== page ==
Interview with an artist
We talk to Theo Crutchley-Mack, a young Cardigan-based artist with an enviable reputation
TO be exhibiting alongside Damian Hirst and Grayson Perry is something that most artists can only dream of – and then, only when they are seriously established. Yet this is something that Cardigan-based artist Theo Crutchley -Mack can lay claim to at the age of just 23. We wanted to find out more about Theo’s work, his inspirations, and his journey as an artist.
THE DRAW OF ABANDONED LANDSCAPES
Abandonment features heavily in Theo’s work.
He explains“It’s an interest that developed whilst studying drawing at university in Falmouth. There were lots of abandoned mining sites, engine houses and open abandoned spaces nearby that I could access. I spent a lot of time sketching these places. Another source of inspiration was the old fishing industry on the Cornish coast – plenty of old trawlers and wrecks.”
What began as interesting subjects to sketch and draw developed into a full-blown obsession as his studies progressed. The subject matter of decay lent itself well to Theo’s preferred medium, a cement-like paste he made up from talc, white paint and PVA glue. The heavy bodied medium was ideal for manipulating into the textures of decay. It also allowed him to introduce further materials into the works that he created on hand made paper – for example strands of cotton string to create grassy textures and foliage.
Unfortunately, it was also not very durable, and paintings would deteriorate quickly. With experience has come a new approach to the mediums he uses. Theo now works with a combination of marble dust and an acrylic binder which is acid free and means his works are long lasting, yet maintain the same patina that is
distinctive of his work.
A ‘LIGHTBULB’ MOMENT AT THE AGE OF 16
Theo’s ‘lightbulb’ moment came whilst still at school in Yorkshire. Encouraged to enter a national competition run by the Royal Mint to design a 50p coin to commemorate the 2012 London Olympics, he was delighted to win.
“Winning the competition meant the school I was at received £10,000. I was invited to go and see the Royal Mint, where we were treated like celebrities. It made me feel like I really was alright at drawing and was the push that got me into drawing seriously.”
From there, Theo hasn’t looked back. He moved to West Wales with his parents, where he is now based, after a period in Cornwall studying for a degree in Drawing. The area offers a rich seam of inspiration for Theo to mine in his search for the desolate landscapes he prefers. Not just the tumbledown cottages and farms, the rusty tin roofs, of the Preselis, but also the coast, including sites such as Porthgain, and the Blue Lagoon at Abereiddy.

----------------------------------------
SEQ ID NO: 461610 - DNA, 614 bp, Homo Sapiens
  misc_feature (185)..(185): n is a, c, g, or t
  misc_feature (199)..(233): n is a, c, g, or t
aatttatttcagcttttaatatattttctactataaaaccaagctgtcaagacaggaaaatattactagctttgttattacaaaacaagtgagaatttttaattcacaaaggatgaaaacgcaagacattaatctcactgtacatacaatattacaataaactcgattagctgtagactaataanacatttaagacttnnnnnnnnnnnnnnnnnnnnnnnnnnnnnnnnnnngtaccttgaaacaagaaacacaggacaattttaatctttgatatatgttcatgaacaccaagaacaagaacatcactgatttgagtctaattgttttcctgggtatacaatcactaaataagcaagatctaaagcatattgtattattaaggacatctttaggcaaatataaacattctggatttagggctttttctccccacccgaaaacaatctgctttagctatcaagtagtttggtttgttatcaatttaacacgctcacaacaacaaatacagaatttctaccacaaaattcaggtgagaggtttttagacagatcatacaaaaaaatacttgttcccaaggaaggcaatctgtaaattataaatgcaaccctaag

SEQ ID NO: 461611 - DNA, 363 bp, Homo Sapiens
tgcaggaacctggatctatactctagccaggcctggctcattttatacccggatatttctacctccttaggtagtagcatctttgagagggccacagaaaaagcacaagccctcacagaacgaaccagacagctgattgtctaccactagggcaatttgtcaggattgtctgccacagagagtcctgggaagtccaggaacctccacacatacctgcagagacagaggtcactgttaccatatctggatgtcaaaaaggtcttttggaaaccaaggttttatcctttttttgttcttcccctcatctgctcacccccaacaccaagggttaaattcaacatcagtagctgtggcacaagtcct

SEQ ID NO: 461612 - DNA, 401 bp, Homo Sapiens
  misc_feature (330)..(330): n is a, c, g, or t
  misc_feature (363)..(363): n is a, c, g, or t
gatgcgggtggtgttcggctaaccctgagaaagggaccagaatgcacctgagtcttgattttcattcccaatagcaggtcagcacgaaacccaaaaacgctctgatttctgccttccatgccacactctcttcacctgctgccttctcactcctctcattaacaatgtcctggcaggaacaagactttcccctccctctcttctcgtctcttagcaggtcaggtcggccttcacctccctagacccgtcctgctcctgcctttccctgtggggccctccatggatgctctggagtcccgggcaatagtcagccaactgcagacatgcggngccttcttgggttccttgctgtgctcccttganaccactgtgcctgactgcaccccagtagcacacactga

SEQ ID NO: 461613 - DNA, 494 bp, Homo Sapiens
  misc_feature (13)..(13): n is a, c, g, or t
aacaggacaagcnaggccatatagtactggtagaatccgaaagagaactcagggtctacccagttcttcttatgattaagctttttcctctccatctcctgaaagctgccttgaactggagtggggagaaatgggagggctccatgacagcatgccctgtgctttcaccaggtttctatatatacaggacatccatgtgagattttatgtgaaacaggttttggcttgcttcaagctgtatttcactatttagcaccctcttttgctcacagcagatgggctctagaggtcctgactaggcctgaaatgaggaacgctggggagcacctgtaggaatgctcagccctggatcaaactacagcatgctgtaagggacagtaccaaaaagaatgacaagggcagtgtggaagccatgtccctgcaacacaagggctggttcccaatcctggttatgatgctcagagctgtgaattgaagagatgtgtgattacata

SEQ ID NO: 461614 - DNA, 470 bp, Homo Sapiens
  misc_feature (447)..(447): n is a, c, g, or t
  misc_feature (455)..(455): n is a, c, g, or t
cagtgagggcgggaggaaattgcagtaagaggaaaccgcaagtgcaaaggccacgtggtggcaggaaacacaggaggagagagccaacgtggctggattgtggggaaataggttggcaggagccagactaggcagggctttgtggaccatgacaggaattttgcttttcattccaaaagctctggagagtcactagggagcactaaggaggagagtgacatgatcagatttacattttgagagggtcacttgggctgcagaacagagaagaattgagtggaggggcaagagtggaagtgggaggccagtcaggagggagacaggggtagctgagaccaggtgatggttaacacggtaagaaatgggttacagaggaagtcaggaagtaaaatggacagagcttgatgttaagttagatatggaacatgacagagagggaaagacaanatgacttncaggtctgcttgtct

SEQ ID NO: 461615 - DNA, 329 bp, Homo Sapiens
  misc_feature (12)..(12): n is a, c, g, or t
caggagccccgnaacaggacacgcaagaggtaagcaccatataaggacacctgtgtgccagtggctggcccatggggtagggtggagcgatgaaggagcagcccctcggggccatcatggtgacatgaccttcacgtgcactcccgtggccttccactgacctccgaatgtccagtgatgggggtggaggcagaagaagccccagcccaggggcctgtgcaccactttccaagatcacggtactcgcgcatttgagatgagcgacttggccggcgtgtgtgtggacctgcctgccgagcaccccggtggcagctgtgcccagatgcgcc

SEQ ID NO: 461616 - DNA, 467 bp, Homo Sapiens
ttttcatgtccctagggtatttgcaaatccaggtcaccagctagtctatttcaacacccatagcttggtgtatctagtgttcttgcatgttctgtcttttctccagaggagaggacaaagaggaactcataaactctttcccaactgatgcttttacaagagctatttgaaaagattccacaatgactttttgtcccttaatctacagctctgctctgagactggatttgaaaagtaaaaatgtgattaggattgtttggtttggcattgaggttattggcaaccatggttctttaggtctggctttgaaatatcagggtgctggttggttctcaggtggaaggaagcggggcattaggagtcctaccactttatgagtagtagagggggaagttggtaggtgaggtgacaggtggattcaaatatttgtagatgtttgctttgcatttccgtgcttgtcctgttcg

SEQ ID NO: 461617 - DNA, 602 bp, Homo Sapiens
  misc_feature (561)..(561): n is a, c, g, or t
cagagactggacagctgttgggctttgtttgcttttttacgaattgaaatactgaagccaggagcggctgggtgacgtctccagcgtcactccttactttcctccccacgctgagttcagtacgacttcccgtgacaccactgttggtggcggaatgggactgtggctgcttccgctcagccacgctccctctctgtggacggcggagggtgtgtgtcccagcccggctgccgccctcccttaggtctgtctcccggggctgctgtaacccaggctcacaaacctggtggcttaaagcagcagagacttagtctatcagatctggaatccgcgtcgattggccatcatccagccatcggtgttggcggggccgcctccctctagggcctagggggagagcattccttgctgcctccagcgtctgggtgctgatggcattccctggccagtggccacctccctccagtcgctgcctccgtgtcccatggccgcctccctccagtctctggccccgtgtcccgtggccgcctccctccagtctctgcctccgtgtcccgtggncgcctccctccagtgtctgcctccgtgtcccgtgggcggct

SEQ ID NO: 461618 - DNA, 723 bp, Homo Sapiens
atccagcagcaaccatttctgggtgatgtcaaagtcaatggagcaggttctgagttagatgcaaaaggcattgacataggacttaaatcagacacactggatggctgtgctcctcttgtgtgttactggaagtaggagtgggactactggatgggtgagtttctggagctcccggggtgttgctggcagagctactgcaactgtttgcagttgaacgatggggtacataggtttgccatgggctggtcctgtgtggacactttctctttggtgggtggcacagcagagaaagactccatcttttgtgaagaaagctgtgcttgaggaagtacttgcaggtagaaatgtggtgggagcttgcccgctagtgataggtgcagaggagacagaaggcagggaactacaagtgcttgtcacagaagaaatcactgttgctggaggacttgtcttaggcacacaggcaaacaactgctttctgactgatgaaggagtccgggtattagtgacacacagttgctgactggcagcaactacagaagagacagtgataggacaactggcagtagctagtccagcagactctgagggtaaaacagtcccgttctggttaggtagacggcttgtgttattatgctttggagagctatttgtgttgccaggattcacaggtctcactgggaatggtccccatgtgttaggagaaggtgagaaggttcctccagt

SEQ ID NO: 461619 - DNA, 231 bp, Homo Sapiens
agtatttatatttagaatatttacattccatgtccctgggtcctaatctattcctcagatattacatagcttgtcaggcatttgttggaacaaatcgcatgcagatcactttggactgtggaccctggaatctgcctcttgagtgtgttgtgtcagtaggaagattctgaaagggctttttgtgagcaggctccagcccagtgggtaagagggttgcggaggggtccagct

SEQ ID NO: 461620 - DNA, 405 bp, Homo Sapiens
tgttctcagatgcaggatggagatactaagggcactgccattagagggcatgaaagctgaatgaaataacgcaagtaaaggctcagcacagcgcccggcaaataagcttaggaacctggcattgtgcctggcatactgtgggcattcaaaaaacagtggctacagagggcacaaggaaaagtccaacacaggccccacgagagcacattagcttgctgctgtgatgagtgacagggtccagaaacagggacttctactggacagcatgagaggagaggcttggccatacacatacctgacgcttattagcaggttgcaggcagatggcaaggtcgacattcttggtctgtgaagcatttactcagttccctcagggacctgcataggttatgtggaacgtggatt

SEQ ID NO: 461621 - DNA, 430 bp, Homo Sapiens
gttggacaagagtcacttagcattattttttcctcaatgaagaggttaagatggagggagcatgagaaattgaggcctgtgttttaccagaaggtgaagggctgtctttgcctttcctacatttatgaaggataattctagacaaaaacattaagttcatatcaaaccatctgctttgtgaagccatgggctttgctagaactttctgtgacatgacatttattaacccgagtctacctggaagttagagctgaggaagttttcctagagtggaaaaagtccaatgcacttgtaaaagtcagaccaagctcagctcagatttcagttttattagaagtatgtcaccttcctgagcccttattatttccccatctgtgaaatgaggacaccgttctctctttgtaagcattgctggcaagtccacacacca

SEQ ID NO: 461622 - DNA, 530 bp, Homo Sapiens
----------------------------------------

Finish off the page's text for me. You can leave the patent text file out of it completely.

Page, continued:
BEYOND WEST WALES
Although currently based in Cardigan, Theo’s work isn’t all about the Wales, nor is it all about abandonment.
“When I graduated from university, one couple bought 4 of my paintings from my degree show. They are based on Tresco, one of the Scilly Isles and invited me to be their artist in residence – which means I can go and stay there and work whenever I like. I tend to go in the winter and create a body of work based on the landscapes of Tresco which is then shown in the gallery on the island in the summer.
Tresco is completely different to West Wales – a far more pristine landscape, which has led me to concentrate on the colours, making the pastes I use in my other pictures work in different ways. It’s an exciting evolution for me.”
Theo has also created a series of works inspired by the south Devon landscape, currently displayed in the prestigious Drang Gallery, Salcombe, alongside works by Damian Hirst and Grayson Perry (among others).
Asked about the future, Theo has one clear objective in mind“I really want to go to the Falkland Islands. It’s the only area of sheltered sea for thousands of miles down there, and there are lots of wrecks and abandoned whaling stations”
Beyond that, Theo says“I’m always striving to get better – may be I’m too critical of myself. I don’t plan too much, and go where life takes me. So far it’s been pretty good!”
Theo has exhibited at the Ceridwen Centre and currently has works with at the Albany Gallery, Cardiff. He will be putting on his second solo show in the Late November Gallery, Haverfordwest from 13th October to 10th November 2017. Further afield, and as mentioned above, you can see find his distinctive pieces in the Drang Gallery, Salcombe.
Theo’s major solo show opening of 30+ originals will be held at The Late November Gallery,
On the Quay, Haverfordwest on October 16, 6-9pm
More info at http://www.crutchley-mack.com
Since interviewing Theo, it’s been confirmed that he gets his wish and is going to the Falklands and South Georgia as artist in residence with the South Georgia Heritage Trust for 2 months in Feb/March next year and we wish him great success in his future career.